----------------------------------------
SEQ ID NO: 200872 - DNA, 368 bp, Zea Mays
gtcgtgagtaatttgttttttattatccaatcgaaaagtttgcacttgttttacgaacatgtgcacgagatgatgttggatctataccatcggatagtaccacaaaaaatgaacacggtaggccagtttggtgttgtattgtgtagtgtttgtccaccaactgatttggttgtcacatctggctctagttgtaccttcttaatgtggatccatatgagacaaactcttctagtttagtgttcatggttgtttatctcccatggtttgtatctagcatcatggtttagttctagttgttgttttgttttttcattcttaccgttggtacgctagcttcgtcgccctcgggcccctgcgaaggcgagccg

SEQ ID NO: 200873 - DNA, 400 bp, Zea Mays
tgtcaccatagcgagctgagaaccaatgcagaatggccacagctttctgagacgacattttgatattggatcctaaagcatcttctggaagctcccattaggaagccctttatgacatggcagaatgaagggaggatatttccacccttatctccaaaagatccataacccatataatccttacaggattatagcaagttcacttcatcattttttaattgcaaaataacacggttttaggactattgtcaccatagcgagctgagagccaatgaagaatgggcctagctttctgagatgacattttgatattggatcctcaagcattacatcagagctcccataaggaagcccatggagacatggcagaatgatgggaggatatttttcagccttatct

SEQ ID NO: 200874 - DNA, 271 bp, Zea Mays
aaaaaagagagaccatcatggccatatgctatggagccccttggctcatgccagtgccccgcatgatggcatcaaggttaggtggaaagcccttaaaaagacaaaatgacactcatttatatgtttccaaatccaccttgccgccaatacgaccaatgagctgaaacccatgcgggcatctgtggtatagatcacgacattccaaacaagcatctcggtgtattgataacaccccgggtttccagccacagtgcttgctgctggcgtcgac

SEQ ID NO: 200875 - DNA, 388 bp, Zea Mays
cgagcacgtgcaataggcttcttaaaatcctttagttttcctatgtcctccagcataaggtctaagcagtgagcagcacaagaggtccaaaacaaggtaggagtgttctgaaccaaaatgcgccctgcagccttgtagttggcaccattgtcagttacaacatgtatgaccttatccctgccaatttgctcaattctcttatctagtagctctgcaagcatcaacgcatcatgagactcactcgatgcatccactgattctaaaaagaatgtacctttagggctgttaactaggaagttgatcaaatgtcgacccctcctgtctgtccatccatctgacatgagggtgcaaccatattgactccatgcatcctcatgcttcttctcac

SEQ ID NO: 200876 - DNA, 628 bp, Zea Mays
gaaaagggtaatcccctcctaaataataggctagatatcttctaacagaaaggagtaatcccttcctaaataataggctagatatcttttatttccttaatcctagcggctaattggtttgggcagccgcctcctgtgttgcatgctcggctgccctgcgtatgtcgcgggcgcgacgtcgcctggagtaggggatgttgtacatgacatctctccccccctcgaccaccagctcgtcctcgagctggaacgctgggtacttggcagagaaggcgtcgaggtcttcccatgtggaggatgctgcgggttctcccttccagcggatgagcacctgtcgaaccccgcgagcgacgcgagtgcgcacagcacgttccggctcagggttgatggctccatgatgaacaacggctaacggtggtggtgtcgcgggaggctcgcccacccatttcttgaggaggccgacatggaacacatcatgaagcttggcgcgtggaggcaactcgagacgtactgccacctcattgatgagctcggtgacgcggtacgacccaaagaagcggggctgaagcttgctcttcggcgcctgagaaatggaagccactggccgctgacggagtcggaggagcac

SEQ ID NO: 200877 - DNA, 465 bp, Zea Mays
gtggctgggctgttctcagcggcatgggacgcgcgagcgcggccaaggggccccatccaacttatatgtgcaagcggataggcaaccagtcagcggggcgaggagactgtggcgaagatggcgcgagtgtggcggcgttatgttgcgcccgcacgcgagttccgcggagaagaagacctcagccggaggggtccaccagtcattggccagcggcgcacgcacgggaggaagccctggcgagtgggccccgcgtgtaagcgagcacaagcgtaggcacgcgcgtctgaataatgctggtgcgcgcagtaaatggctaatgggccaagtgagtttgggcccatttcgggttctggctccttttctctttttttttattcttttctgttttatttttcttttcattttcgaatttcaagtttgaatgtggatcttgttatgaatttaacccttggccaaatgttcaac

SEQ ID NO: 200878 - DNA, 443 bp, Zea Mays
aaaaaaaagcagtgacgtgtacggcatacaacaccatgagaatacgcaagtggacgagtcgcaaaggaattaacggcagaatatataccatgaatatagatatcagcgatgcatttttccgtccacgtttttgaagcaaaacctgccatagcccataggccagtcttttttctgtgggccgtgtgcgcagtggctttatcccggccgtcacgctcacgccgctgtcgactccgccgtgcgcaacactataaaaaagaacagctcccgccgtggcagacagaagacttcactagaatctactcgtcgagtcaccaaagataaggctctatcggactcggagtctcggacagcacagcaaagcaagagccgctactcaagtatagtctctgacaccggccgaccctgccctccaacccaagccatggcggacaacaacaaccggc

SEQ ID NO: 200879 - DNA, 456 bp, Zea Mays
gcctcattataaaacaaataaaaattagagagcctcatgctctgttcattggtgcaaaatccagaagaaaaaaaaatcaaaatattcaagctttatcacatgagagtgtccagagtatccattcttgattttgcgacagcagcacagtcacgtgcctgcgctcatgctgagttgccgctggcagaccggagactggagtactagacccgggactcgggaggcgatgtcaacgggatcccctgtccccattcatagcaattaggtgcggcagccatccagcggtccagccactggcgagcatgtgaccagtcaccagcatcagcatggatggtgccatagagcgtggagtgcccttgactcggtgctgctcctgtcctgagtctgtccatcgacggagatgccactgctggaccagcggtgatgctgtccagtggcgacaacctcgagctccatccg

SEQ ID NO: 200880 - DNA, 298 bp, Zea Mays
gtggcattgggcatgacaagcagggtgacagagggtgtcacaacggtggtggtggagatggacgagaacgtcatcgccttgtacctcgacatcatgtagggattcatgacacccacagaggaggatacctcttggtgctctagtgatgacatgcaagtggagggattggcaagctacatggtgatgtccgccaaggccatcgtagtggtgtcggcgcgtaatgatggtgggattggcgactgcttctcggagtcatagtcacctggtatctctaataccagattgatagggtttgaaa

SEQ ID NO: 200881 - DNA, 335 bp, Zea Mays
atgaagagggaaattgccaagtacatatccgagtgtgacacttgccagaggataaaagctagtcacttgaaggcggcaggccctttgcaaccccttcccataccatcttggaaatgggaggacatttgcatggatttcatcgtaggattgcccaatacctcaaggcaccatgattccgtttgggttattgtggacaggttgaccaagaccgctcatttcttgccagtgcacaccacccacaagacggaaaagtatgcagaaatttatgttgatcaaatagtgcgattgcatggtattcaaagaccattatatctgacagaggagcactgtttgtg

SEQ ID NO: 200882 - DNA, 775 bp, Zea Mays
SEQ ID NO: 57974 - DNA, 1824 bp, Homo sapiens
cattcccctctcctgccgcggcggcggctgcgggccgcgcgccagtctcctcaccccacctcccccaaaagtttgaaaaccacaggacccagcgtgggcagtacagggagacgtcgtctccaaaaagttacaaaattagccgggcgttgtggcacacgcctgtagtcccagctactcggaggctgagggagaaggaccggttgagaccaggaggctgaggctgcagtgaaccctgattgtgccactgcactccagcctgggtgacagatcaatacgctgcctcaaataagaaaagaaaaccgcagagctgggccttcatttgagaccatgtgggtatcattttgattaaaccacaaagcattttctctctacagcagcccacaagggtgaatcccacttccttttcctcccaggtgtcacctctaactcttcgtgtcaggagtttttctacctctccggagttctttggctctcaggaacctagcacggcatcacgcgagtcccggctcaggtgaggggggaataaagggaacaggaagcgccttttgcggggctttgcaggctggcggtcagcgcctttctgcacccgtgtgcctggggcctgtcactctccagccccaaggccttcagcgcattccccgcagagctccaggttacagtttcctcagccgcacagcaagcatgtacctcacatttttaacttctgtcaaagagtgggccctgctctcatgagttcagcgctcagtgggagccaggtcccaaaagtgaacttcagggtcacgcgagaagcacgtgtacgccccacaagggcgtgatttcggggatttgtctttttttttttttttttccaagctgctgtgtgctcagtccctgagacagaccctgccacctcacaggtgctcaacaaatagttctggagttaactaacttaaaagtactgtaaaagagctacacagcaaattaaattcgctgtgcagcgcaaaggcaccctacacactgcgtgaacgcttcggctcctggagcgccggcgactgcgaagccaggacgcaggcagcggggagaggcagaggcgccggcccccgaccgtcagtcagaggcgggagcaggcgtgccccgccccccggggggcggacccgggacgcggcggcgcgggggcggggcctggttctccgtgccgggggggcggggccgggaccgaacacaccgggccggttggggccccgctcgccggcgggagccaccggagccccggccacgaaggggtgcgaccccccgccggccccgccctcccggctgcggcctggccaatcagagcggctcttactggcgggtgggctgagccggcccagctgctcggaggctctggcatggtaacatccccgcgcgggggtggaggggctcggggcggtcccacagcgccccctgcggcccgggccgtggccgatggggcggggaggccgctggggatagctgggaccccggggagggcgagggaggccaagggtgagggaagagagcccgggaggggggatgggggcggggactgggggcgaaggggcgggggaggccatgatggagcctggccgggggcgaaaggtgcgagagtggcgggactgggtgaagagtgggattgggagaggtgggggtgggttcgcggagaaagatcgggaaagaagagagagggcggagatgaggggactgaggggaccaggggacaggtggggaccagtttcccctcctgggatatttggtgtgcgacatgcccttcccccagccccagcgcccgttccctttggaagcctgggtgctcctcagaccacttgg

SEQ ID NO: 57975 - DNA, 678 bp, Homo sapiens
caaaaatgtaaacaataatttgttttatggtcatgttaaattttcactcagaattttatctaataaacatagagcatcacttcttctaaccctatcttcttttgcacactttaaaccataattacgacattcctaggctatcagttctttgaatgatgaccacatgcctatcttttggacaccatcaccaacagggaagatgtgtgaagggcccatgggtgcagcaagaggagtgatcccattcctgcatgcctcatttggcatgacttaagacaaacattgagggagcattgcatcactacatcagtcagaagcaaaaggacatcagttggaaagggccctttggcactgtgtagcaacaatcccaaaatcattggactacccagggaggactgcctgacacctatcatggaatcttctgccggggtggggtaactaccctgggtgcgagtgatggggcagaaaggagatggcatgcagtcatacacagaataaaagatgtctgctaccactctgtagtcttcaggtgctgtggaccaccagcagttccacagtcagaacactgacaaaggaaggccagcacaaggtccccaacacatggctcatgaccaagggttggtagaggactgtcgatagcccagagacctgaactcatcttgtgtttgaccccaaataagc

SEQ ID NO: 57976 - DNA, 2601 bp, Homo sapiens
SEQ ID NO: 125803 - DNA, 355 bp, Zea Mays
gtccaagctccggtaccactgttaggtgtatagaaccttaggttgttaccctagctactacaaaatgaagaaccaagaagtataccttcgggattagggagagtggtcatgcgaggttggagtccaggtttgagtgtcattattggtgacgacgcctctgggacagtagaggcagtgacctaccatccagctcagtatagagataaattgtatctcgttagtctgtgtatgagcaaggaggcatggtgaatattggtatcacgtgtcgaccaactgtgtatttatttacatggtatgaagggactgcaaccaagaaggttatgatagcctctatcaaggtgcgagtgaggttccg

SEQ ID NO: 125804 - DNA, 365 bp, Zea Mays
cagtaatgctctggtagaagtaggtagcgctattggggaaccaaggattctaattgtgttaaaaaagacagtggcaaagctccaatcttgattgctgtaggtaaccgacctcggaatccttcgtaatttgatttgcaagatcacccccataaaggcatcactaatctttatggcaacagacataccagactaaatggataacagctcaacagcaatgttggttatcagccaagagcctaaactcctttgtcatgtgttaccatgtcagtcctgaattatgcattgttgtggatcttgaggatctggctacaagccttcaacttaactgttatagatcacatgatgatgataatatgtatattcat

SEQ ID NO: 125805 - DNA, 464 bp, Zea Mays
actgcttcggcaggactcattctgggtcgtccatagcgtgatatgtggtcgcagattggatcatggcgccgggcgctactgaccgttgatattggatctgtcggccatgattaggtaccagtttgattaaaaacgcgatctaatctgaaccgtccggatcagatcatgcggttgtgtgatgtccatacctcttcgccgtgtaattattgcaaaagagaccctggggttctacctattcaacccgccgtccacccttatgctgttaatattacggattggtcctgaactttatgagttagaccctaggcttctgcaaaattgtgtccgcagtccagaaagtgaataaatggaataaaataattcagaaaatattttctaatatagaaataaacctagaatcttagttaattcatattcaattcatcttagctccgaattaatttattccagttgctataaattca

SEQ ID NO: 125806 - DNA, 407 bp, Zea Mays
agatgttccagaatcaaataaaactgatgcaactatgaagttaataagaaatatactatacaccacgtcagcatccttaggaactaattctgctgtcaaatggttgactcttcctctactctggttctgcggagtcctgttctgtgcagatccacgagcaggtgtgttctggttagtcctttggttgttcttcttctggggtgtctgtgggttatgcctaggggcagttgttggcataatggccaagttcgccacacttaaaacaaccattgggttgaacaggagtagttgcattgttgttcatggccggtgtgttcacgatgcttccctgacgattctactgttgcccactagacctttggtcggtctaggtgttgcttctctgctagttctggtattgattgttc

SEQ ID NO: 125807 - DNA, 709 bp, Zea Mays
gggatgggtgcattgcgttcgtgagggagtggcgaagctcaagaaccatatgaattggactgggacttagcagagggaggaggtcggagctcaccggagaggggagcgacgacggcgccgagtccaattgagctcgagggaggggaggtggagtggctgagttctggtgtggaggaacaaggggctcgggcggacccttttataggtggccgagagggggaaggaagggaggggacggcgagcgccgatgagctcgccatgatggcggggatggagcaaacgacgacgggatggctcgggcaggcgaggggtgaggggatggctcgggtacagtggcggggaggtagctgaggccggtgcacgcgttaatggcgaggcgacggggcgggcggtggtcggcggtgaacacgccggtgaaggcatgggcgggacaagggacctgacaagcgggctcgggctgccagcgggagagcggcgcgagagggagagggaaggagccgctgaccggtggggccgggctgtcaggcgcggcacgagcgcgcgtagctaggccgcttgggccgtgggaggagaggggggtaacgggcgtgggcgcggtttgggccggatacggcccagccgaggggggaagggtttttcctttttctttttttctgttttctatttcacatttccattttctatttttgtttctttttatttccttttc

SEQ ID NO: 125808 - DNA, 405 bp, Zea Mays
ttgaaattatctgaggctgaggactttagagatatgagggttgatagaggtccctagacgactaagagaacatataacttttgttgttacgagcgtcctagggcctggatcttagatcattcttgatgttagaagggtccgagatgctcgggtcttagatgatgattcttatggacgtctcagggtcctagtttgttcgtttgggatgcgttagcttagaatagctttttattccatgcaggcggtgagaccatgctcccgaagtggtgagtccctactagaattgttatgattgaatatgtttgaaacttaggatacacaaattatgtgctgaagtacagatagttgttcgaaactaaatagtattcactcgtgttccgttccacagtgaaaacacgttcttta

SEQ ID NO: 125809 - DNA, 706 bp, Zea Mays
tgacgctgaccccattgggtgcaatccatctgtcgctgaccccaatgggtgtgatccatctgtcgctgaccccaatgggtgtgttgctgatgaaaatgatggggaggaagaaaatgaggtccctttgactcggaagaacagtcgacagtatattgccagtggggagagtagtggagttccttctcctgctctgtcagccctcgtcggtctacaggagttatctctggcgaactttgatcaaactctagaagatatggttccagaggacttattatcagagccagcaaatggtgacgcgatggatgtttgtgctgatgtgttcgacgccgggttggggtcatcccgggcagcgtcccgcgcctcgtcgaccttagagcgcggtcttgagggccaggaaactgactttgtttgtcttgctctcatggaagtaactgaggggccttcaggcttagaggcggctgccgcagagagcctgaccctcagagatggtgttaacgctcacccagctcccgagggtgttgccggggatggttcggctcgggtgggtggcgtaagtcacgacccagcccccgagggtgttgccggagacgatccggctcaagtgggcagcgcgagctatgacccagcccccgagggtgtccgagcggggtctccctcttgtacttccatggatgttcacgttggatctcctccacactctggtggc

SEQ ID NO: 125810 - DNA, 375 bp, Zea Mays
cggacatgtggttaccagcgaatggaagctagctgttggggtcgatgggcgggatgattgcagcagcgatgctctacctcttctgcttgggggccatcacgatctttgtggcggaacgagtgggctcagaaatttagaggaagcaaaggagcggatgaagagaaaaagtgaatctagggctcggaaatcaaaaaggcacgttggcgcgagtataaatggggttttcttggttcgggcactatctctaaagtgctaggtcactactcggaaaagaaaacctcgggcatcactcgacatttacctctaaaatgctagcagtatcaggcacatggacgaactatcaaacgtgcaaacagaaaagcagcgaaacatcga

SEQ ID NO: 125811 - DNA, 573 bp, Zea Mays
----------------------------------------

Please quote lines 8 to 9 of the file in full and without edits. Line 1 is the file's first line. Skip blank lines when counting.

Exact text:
cgagcacgtgcaataggcttcttaaaatcctttagttttcctatgtcctccagcataaggtctaagcagtgagcagcacaagaggtccaaaacaaggtaggagtgttctgaaccaaaatgcgccctgcagccttgtagttggcaccattgtcagttacaacatgtatgaccttatccctgccaatttgctcaattctcttatctagtagctctgcaagcatcaacgcatcatgagactcactcgatgcatccactgattctaaaaagaatgtacctttagggctgttaactaggaagttgatcaaatgtcgacccctcctgtctgtccatccatctgacatgagggtgcaaccatattgactccatgcatcctcatgcttcttctcac

SEQ ID NO: 200876 - DNA, 628 bp, Zea Mays